Afghanistan women’s rights are ‘red line’, UN rights chief tells States

2 months ago 15
PR Distribution

UN rights chief Michelle Bachelet led calls on Tuesday for Afghanistan’s new Taliban leaders to respect the rights of all Afghans and warned that the treatment of women and girls is a “fundamental red line” that should not be crossed.

Speaking at the opening of an emergency session at the UN Human Rights Council in Geneva, a little over a week since the Taliban swept to power, Ms. Bachelet reminded Member States of credible reports of violations of international humanitarian law against civilians in areas under their control.

These reports, she said, make it especially important that the Human Rights Council work in unison to prevent further abuses, and that Member States establish a dedicated mechanism to monitor the fast-evolving situation in Afghanistan and, in particular, the Taliban's implementation of its promises. 

Summary justice

Ms. Bachelet added that “a fundamental red line will be the Taliban's treatment of women and girls, and respect for their rights to liberty, freedom of movement, education, self-expression and employment, guided by international human rights norms. In particular, ensuring access to quality secondary education for girls will be an essential indicator of commitment to human rights.”

Among the reported violations received by her office, the UN rights chief cited summary executions of civilians and members of the Afghan national security forces, recruitment of child soldiers and repression of peaceful protest and expressions of dissent.

Echoing those concerns ahead of a vote on a draft resolution calling for investigations and accountability for rights abuses, Afghanistan’s Ambassador, Dr. Nasir Ahmad Andisha, described the prevailing sense of apprehension in the country, with “millions fearing for their lives”.

Dr. Andisha warned that a humanitarian crisis was “unfolding as we speak”, and that thousands people were at risk, from human rights defenders to journalists, academics, professionals, civil society members and former security personnel “who were the backbone – and we hope still will be – of a contemporary and democratic society”.

Speaking in person at the Council, Dr. Andisha reminded Member States that the situation on the ground remained uncertain: “We witness a high number of serious violations of international humanitarian law and human rights abuses which are documented and most of those gruesome videos are available online. While some Taliban were and are still talking differently, restrictions and violations are already taking place as we speak.”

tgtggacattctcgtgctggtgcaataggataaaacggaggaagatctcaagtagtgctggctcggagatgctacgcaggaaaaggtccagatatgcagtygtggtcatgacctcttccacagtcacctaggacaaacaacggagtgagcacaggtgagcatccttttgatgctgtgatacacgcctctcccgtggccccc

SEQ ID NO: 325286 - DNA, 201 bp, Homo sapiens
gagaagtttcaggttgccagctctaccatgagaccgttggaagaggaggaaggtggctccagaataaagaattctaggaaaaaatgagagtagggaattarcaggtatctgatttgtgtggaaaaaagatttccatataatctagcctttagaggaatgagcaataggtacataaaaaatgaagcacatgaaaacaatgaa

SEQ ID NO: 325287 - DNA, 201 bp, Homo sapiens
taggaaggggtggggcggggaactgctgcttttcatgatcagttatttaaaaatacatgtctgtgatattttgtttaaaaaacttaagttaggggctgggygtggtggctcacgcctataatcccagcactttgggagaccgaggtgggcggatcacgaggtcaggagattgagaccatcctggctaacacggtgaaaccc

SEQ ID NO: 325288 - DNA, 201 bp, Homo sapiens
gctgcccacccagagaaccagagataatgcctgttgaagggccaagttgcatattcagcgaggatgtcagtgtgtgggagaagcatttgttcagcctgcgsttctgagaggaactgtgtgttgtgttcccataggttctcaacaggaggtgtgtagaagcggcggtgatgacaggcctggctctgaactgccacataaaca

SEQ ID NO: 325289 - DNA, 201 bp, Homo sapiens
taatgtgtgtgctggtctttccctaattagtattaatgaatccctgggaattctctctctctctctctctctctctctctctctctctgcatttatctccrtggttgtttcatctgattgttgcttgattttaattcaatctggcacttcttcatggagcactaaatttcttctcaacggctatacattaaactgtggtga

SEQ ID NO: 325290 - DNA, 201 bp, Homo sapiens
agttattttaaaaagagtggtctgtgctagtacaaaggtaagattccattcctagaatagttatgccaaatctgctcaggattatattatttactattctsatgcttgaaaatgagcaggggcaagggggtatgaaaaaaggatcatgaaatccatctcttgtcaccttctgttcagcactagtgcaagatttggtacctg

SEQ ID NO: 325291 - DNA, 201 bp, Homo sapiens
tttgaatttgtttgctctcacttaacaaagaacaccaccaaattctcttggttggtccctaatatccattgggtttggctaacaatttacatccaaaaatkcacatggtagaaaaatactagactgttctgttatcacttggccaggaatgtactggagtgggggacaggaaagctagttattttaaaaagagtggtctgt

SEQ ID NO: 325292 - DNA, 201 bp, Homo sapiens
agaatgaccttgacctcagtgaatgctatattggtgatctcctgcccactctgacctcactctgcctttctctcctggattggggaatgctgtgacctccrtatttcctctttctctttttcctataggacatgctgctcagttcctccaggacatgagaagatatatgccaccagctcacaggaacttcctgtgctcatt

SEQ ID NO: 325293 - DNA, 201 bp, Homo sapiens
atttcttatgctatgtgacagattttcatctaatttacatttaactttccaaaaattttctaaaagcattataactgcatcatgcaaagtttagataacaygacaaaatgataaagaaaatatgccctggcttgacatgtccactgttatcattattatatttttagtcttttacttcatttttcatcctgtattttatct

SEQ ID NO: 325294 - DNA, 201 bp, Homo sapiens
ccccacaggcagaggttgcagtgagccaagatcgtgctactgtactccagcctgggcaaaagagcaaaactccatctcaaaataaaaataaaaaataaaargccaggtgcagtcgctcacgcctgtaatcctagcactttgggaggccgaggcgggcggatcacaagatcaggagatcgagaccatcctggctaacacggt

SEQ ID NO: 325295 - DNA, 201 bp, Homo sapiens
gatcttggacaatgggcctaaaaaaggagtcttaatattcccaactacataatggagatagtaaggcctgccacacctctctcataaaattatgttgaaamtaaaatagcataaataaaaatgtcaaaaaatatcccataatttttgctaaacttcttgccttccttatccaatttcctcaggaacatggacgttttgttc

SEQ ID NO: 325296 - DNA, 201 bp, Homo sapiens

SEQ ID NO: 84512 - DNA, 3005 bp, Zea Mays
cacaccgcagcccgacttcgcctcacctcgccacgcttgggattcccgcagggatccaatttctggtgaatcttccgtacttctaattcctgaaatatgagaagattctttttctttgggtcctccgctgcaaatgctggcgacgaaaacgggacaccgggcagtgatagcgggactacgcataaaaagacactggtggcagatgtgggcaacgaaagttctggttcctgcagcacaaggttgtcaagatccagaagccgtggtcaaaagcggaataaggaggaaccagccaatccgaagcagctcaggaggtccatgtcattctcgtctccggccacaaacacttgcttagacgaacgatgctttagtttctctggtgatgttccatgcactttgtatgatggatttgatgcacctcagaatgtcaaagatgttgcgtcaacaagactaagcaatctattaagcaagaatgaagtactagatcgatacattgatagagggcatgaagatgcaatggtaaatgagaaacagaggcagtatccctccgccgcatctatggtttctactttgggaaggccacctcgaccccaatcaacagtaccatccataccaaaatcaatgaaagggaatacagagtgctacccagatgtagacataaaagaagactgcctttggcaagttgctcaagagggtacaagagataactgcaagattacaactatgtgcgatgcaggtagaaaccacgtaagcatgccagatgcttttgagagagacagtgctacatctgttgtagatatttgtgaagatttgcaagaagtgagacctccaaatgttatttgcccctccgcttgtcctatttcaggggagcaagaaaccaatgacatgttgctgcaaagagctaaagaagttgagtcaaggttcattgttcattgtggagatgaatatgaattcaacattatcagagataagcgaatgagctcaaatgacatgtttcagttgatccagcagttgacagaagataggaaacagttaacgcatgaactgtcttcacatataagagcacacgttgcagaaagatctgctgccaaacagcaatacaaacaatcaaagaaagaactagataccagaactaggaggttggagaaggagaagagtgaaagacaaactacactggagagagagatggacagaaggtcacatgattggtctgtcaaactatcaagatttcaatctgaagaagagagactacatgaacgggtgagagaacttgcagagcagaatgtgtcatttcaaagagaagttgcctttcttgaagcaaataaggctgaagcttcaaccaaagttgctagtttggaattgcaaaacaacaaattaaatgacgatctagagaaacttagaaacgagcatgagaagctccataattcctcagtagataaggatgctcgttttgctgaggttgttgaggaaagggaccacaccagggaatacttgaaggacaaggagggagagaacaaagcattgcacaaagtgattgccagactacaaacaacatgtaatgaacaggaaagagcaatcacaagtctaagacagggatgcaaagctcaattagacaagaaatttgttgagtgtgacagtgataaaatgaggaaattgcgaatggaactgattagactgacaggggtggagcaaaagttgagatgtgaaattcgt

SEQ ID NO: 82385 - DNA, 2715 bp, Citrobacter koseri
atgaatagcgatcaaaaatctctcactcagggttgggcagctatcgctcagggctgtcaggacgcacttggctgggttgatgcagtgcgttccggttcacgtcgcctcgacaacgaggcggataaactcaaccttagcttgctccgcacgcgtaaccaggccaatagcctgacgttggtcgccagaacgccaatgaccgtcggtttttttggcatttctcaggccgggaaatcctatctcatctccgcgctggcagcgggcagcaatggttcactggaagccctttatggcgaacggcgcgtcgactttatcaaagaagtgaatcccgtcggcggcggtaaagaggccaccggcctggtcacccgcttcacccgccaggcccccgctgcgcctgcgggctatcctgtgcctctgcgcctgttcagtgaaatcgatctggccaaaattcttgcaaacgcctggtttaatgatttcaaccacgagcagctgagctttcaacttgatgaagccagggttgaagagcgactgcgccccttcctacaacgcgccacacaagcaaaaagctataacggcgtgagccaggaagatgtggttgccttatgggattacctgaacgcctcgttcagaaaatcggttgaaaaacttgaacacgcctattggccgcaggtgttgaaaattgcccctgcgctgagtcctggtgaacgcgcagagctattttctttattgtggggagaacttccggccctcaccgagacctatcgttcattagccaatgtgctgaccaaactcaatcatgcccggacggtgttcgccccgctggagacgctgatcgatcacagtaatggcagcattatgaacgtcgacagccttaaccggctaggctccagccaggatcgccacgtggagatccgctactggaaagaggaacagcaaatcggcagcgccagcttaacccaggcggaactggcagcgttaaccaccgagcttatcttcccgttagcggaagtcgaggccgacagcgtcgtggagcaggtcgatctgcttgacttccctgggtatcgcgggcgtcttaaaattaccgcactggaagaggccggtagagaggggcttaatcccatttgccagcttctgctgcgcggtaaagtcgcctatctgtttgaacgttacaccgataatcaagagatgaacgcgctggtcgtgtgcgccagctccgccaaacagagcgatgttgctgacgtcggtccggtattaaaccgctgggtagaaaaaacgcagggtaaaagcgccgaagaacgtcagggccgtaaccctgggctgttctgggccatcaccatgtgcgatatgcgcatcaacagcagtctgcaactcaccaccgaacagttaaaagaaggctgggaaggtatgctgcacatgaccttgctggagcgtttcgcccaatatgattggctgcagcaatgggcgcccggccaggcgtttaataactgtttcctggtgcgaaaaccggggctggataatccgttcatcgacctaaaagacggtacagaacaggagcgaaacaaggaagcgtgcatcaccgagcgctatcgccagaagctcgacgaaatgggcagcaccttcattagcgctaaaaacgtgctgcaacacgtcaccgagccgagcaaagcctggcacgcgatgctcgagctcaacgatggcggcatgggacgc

A child walks through a temporary camp set up in Kabul after his family was displaced UNICEF due to insecurity across Afghanistan.

© UNICEF Afghanistan

A child walks through a temporary camp set up in Kabul after his family was displaced UNICEF due to insecurity across Afghanistan.

Afghanistan ‘in its worst moment’

Anita Ramasastry, Chair of the Coordination Committee of UN Special Procedures, also noted that women and girls, and many internally displaced people, face particular risks

“Many of these persons are in hiding as the Taliban continues to search homes door-to-door”, she said, “and there are serious concerns that such information gathering may led to them being targeted for reprisals. Searches, arrests, harassment, and intimidation, as well as seizures of property and reprisals are already being reported.”

Warning that Afghanistan was now “in its worst moment” and in need of the support of the international community like never before, Shaharzad Akbar, Chairperson for the Afghanistan Independent Human Rights Commission, rounded on the emergency session’s draft resolution as a “travesty” that failed to far enough to defend those at risk in the country.

Ambassador Nasir Ahmad Andisha of Afghanistan addresses the Human Rights Council Special Session on Afghanistan.

Ambassador Nasir Ahmad Andisha of Afghanistan addresses the Human Rights Council Special Session on Afghanistan., by UNOG

“We have documented that the Taliban advances came with summary executions, disappearances, restrictions on women, media and cultural life. This is not ancient history. This is earlier this month, and this is today,” she said. 

“Women in Afghanistan are being turned down (sic) from their offices by the Taliban, universities have been asked to discuss gender segregation possibilities, women are required to be accompanied by male members of their family in public, media are not broadcasting music, journalists and activists are in hiding or in flee (sic), former members of the Afghan National Security Forces are scared of the worst, the summary executions, house-to-house searches and information gathering has led to widespread fear.”

National responsibility

For the Organisation of Islamic Cooperation (OIC), Pakistan Ambassador Khalil Hashmi reiterated the OIC’s commitment “to supporting an Afghan-led and Afghan-owned peace and reconciliation process to reach an inclusive political settlement. The OIC underscores the imperative of active engagement by the international community along political, humanitarian, human rights and development tracks.”

For the United States, Uzra Zeya, Under Secretary of State for Civilian Security, Democracy, and Human Rights, insisted that the protection of “civilians, including women and girls, academics, journalists, human rights defenders, and members of ethnic, religious, and other minority groups” must remain paramount. “We condemn attacks on them and those seeking to aid them, including UN staff and humanitarian aid providers. Such attacks must stop immediately, and all Afghan nationals and foreign nationals who wish to depart must be allowed to do so safely.”
 

Read Entire Article